One step closer to confirm (or not) the inflationary epoch

The IAC has completed the integration and testing of the first pixel for the second QUIJOTE instrument, which will confirm or deny the detection of B-modes in the polarization of the cosmic microwave background

TGI pixel assembly QUIJOTE (Q-U-I JOint Tenerife) CMB Experiment is an installation of two telescopes and three instruments designed to study the polarization of the signal from the cosmic microwave background (CMB) in the frequency range between 10 GHz and 42 GHz. The second QUIJOTE instrument, the TGI (Thirty GHz Instrument), is intended to confirm or deny the recent (and not yet corroborated) detection of B-modes in the polarization of the CMB. This detection would be an important milestone in Cosmology, as it would confirm the presence of gravitational waves in the primordial universe, which would have been created by inflation, an epoch of exponential expansion of the early universe.

The first QUIJOTE telescope and the first instrument are both operating in the band from 10 to 20 GHz since November 2012, at the Teide Observatory, in Tenerife. The second telescope has recently been installed at the Observatory, and the TGI is in the integration stage at the IAC headquarters. Both the second telescope and TGI are planned to be in commissioning by the end of 2014, covering the range from 26 to 36 GHz.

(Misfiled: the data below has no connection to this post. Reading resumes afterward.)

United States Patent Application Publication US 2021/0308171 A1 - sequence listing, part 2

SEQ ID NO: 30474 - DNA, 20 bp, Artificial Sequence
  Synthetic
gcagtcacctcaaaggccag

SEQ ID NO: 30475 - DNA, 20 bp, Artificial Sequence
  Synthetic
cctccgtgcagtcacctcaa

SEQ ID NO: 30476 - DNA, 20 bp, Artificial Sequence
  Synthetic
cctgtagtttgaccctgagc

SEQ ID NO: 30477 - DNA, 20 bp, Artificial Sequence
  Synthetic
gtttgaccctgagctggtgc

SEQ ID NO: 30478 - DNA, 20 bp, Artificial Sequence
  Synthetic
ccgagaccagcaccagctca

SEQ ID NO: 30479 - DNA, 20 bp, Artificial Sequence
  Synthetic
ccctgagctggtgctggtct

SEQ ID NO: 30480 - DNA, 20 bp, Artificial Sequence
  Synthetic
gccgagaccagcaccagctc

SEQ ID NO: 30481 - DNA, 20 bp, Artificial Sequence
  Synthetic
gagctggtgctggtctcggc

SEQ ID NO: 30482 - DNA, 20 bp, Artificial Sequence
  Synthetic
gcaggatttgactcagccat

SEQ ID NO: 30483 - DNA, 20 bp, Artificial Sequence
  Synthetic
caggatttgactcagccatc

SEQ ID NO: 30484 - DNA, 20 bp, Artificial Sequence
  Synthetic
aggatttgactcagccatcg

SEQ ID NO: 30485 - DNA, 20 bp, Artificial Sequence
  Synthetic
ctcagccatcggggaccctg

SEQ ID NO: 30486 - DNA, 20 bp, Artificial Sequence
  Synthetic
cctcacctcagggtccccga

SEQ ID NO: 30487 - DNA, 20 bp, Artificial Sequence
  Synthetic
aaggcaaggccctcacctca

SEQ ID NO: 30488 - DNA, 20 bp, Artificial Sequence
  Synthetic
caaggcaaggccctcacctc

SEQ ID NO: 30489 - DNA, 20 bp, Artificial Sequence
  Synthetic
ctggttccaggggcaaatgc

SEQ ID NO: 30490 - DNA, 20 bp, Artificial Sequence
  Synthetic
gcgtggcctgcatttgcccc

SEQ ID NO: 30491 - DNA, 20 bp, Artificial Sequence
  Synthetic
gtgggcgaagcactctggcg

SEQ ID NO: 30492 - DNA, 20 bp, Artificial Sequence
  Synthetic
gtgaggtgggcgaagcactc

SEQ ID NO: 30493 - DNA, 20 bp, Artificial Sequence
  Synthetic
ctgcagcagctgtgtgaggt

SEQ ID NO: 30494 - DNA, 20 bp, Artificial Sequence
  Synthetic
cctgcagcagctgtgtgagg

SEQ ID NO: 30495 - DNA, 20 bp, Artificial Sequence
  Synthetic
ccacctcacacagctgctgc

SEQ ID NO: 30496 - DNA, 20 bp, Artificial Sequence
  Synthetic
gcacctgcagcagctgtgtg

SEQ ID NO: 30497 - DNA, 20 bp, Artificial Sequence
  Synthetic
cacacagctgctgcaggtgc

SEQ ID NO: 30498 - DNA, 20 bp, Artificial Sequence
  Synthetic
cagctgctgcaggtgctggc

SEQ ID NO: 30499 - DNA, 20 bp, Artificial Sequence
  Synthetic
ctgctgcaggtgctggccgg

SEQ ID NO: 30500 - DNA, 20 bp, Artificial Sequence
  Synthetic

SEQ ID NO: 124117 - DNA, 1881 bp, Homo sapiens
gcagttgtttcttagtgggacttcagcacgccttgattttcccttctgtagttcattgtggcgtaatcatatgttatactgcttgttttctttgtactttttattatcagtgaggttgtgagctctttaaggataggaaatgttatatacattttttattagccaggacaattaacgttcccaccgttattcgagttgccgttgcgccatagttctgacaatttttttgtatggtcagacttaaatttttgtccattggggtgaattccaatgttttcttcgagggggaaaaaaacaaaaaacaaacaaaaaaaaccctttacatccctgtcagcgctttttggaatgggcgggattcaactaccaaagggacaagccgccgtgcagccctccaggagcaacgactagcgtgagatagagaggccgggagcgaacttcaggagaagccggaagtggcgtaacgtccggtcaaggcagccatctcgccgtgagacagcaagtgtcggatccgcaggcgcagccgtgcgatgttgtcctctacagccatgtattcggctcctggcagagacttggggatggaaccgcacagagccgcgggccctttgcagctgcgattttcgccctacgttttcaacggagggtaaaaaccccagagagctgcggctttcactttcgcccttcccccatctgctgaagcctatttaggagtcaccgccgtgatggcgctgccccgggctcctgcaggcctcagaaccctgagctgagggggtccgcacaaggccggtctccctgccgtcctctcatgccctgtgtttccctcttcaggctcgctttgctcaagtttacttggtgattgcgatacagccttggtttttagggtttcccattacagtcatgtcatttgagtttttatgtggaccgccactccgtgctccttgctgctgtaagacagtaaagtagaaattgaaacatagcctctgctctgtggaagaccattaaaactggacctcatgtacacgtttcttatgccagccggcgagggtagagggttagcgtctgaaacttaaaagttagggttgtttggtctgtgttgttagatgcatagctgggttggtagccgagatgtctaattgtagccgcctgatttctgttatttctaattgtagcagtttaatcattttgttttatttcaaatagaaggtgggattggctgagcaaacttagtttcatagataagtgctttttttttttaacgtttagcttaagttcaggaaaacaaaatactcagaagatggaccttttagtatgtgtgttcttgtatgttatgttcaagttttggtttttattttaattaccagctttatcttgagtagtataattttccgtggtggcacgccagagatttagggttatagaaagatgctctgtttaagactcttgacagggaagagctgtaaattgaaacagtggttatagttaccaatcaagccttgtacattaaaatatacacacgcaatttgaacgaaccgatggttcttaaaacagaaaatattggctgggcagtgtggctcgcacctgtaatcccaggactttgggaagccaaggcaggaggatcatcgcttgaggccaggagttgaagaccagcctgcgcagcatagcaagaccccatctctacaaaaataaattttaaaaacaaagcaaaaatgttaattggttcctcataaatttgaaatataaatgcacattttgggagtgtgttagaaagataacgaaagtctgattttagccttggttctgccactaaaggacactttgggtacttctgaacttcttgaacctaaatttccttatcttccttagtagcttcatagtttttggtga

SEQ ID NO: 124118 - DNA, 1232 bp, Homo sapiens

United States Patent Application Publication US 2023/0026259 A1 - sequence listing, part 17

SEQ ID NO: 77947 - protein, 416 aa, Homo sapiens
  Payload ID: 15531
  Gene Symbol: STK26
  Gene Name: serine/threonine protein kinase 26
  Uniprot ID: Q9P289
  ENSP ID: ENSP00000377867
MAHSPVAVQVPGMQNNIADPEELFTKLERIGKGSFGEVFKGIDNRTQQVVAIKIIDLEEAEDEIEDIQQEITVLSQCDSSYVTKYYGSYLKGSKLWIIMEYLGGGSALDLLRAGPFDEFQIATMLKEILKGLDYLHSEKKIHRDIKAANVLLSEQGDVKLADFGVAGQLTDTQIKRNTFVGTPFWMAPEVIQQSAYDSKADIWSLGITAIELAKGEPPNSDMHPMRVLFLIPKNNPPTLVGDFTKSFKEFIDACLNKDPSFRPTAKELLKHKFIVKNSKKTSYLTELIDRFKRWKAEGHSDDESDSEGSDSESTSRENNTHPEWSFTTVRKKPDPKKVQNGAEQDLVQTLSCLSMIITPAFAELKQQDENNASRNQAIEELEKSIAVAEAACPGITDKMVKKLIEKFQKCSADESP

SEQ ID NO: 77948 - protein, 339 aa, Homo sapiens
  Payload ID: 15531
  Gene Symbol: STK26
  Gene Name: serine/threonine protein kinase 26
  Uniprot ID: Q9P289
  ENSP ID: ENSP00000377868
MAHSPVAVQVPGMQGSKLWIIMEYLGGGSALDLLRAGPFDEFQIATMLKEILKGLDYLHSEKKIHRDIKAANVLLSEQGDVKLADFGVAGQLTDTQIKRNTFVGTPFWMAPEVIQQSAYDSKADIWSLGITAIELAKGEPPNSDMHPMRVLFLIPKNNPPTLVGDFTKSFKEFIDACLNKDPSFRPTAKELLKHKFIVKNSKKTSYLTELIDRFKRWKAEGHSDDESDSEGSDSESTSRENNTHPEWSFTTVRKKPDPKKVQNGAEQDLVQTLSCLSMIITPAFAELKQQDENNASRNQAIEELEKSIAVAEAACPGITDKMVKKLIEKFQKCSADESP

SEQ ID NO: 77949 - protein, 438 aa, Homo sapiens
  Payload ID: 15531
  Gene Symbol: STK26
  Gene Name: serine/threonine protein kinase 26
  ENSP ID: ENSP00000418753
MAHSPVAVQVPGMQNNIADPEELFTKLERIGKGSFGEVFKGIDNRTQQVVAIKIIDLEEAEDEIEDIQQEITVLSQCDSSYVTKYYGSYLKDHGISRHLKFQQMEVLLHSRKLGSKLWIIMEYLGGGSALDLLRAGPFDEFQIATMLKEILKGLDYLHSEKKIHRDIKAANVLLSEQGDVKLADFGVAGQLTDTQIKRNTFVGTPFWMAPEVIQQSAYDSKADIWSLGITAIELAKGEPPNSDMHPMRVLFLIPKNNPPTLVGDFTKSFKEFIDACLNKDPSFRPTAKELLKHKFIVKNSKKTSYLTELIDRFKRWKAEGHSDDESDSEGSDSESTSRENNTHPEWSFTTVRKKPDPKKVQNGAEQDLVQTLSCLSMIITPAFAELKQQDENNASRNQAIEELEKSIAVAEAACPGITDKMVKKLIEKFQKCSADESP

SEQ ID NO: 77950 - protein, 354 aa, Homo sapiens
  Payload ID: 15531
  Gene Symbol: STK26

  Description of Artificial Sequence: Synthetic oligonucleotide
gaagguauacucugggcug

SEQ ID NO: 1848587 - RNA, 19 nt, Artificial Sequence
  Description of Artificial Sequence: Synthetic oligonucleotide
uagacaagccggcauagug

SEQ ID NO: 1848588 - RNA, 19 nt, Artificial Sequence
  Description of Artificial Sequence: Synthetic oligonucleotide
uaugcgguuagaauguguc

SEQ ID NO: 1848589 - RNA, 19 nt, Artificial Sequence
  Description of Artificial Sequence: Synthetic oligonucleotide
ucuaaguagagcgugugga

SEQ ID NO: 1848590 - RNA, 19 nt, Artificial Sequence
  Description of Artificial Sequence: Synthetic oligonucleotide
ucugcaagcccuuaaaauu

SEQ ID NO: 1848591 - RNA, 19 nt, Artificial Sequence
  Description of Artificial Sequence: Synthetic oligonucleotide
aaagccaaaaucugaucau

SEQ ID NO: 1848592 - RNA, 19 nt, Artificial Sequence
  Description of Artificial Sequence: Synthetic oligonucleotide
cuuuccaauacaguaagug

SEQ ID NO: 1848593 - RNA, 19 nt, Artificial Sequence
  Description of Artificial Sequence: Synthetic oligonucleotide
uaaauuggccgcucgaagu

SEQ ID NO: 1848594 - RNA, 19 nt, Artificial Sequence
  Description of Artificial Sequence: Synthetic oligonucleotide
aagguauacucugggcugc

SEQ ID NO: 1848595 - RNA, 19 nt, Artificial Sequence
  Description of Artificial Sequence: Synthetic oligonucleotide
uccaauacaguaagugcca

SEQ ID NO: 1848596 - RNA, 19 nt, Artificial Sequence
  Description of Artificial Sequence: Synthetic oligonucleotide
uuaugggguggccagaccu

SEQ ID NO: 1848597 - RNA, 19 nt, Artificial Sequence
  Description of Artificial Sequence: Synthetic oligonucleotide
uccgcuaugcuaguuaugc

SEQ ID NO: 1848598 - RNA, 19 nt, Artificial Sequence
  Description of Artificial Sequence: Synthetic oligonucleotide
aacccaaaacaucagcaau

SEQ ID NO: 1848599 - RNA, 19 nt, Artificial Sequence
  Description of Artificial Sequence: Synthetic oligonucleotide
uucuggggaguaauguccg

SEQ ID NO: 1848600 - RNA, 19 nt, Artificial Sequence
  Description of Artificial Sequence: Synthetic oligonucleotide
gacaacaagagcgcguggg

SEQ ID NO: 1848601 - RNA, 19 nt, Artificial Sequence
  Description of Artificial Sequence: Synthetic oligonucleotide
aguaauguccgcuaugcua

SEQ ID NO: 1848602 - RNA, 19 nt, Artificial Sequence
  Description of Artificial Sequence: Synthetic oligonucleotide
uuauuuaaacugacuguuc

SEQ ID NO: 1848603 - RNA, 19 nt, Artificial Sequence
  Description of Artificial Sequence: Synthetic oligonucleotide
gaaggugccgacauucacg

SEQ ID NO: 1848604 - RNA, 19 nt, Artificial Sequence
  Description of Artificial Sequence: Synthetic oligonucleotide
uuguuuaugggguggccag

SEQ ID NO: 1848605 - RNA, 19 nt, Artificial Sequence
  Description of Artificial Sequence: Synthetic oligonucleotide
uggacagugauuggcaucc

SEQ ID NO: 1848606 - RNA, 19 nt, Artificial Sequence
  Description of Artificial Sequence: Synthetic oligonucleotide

The TGI is a complex instrument that broadly consists of 31 pixels contained in a large cryostat, which will maintain a temperature of only 20K (-253ºC). Each of these pixels is a polarimeter that captures the CMB signal in a given frequency, decomposes it into its different types of polarization, and recombines them conveniently to obtain its Stokes parameters, which are the variables that determine the state of polarization of the detected light.

The first pixel of the TGI has been assembled these days in the IAC laboratories. Each of the component parts: horns, polarizers, ortho mode transducers, wave-guides and low-noise amplifiers have been carefully integrated with fiberglass rods, giblets, screws, inserts, washers, helicoids, and all kinds of tiny parts, manufactured to fit like a perfect puzzle and form, in short, a detector. This is the first of 31 detectors that will constitute, along with the rest of subsystems, the powerful instrument that will reveal the keys of the inflationary era.

The QUIJOTE project is a scientific collaboration between four main institutions: the IAC, the Instituto de Física de Cantabria, the University of Cantabria, the University of Manchester and the University of Cambridge. This experiment, and in particular the TGI, is one of the technology projects supported by the Severo Ochoa Program.

Instituto de Astrofisica de Canarias. C/ Via Láctea s/n 38200, La Laguna. Canary Islands. Spain.
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